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In the course of designing his recent production of Mozart’s “The Magic Flute, ” artist and animated filmmaker William Kentridge created a mechanized theater maquette. When he saw the miniature stage’s potential as sculpture, projection site, and installation, he began to imagine “Black Box, ” the freestanding structure whose development and installation are documented here. A movement-filled, visually charged piece, it is peopled with two-dimensional mechanical figures, completed with scenic elements and lit by flickering video. A digital projector displays animated films created from Kentridge’s charcoal drawings and sculptures. Kentridge considers his title term in three senses: a “black box” theater, a “chambre noire” as it relates to photography, and a “black box” flight data recorder, as used in airline disasters. The clandestine fourth reference may be to his ongoing exploration of German history and its convergence with South African history through Namibia, a former German colony that came under South African control prior to gaining its independence. “Black Box” evokes all that, and the joyful mechanics of pre-cinematic visual spectacles, magic lanterns, the camera obscura and the zoetrope. A unique and richly layered meditation on the act of seeing, on vision and experience, and on the nature of knowledge itself.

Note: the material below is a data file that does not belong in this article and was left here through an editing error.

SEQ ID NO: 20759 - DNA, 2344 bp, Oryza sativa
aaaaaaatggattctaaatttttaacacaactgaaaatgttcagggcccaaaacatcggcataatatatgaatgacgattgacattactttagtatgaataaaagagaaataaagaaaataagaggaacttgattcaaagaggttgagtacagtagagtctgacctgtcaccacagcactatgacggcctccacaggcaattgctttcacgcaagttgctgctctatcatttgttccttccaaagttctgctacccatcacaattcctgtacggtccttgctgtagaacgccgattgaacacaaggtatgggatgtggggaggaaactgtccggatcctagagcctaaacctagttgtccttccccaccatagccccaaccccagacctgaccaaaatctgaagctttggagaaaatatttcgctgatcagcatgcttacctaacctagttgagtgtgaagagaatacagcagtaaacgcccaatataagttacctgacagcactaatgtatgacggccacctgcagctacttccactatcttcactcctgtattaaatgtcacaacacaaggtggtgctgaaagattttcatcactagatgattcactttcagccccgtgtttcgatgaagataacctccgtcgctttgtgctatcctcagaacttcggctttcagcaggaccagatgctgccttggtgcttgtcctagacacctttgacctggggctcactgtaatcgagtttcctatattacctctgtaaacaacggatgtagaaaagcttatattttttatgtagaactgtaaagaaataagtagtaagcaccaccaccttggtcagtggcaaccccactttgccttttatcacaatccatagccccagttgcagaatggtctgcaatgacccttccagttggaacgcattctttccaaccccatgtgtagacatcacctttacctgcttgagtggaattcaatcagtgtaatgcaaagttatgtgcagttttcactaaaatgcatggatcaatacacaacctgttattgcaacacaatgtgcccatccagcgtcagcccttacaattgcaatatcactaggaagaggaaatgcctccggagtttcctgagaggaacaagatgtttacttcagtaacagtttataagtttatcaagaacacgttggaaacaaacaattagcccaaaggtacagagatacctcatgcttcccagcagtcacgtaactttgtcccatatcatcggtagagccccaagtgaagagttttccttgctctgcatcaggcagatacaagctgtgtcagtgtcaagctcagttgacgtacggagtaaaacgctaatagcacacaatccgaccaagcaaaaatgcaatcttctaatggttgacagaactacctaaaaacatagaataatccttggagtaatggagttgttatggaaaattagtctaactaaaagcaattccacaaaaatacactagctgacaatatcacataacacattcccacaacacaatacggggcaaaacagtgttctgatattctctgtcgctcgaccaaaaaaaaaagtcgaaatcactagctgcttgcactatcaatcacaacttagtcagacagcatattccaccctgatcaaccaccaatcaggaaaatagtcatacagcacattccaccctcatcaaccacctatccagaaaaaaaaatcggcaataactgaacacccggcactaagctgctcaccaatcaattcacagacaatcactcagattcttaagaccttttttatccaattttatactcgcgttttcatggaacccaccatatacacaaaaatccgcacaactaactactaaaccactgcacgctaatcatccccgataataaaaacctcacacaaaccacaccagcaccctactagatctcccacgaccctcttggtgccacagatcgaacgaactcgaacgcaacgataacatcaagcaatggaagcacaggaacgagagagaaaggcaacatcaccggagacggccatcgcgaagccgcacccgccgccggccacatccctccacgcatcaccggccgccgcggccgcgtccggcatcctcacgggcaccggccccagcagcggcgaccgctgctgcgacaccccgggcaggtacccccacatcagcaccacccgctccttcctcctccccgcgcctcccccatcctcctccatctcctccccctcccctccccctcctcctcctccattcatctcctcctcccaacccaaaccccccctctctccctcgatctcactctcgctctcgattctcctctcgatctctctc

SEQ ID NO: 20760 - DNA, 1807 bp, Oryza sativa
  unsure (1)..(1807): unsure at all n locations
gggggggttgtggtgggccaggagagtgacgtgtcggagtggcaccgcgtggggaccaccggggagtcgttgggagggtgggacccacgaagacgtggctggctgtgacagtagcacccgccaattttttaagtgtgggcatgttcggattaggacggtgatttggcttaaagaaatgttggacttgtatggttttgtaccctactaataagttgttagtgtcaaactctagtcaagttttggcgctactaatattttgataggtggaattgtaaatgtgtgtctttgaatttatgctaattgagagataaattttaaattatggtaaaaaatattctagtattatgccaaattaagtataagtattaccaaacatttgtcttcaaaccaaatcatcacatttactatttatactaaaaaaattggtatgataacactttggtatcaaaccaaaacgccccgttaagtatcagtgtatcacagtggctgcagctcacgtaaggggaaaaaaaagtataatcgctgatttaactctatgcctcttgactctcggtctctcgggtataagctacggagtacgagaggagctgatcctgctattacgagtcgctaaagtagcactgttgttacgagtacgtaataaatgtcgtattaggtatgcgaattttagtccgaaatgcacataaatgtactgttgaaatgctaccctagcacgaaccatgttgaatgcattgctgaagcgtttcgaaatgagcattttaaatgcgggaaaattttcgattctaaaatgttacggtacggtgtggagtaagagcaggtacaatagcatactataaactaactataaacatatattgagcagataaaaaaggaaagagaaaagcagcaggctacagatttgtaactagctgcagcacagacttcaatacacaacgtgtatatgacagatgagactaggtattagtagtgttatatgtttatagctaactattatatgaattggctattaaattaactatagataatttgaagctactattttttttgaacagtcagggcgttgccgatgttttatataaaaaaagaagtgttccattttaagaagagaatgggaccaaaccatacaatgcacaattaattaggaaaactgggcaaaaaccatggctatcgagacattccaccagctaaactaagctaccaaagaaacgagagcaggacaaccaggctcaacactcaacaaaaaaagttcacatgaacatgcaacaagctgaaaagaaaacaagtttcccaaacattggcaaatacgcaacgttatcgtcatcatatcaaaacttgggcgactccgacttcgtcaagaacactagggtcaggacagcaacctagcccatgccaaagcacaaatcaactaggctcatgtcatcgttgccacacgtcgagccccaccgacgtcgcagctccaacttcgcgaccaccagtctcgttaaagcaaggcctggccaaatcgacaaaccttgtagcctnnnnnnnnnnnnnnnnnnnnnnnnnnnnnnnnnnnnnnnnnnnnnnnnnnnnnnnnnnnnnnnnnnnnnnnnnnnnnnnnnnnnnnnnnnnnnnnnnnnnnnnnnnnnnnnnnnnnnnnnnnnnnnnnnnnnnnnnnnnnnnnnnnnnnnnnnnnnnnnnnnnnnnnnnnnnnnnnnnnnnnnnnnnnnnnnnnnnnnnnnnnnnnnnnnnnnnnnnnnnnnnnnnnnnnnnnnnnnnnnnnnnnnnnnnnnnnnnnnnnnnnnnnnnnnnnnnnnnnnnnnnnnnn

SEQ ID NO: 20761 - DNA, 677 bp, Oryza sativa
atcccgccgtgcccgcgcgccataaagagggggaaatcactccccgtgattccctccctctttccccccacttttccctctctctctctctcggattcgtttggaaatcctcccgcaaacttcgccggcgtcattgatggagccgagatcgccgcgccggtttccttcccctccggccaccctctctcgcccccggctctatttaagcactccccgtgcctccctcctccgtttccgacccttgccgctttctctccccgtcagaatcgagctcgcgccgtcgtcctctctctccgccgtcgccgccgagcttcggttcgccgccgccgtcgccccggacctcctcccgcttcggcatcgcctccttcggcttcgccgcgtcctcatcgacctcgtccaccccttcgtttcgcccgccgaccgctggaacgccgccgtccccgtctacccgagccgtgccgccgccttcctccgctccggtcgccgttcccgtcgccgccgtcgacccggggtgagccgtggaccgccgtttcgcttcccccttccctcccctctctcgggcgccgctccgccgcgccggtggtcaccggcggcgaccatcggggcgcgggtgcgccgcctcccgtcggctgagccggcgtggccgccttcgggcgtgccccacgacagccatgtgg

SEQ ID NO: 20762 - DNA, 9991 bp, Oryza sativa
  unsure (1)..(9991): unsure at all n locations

SKU: 9780892073399 Category: Tag:

Description

In the course of designing his recent production of Mozart’s “The Magic Flute, ” artist and animated filmmaker William Kentridge created a mechanized theater maquette. When he saw the miniature stage’s potential as sculpture, projection site, and installation, he began to imagine “Black Box, ” the freestanding structure whose development and installation are documented here. A movement-filled, visually charged piece, it is peopled with two-dimensional mechanical figures, completed with scenic elements and lit by flickering video. A digital projector displays animated films created from Kentridge’s charcoal drawings and sculptures. Kentridge considers his title term in three senses: a “black box” theater, a “chambre noire” as it relates to photography, and a “black box” flight data recorder, as used in airline disasters. The clandestine fourth reference may be to his ongoing exploration of German history and its convergence with South African history through Namibia, a former German colony that came under South African control prior to gaining its independence. “Black Box” evokes all that, and the joyful mechanics of pre-cinematic visual spectacles, magic lanterns, the camera obscura and the zoetrope. A unique and richly layered meditation on the act of seeing, on vision and experience, and on the nature of knowledge itself.

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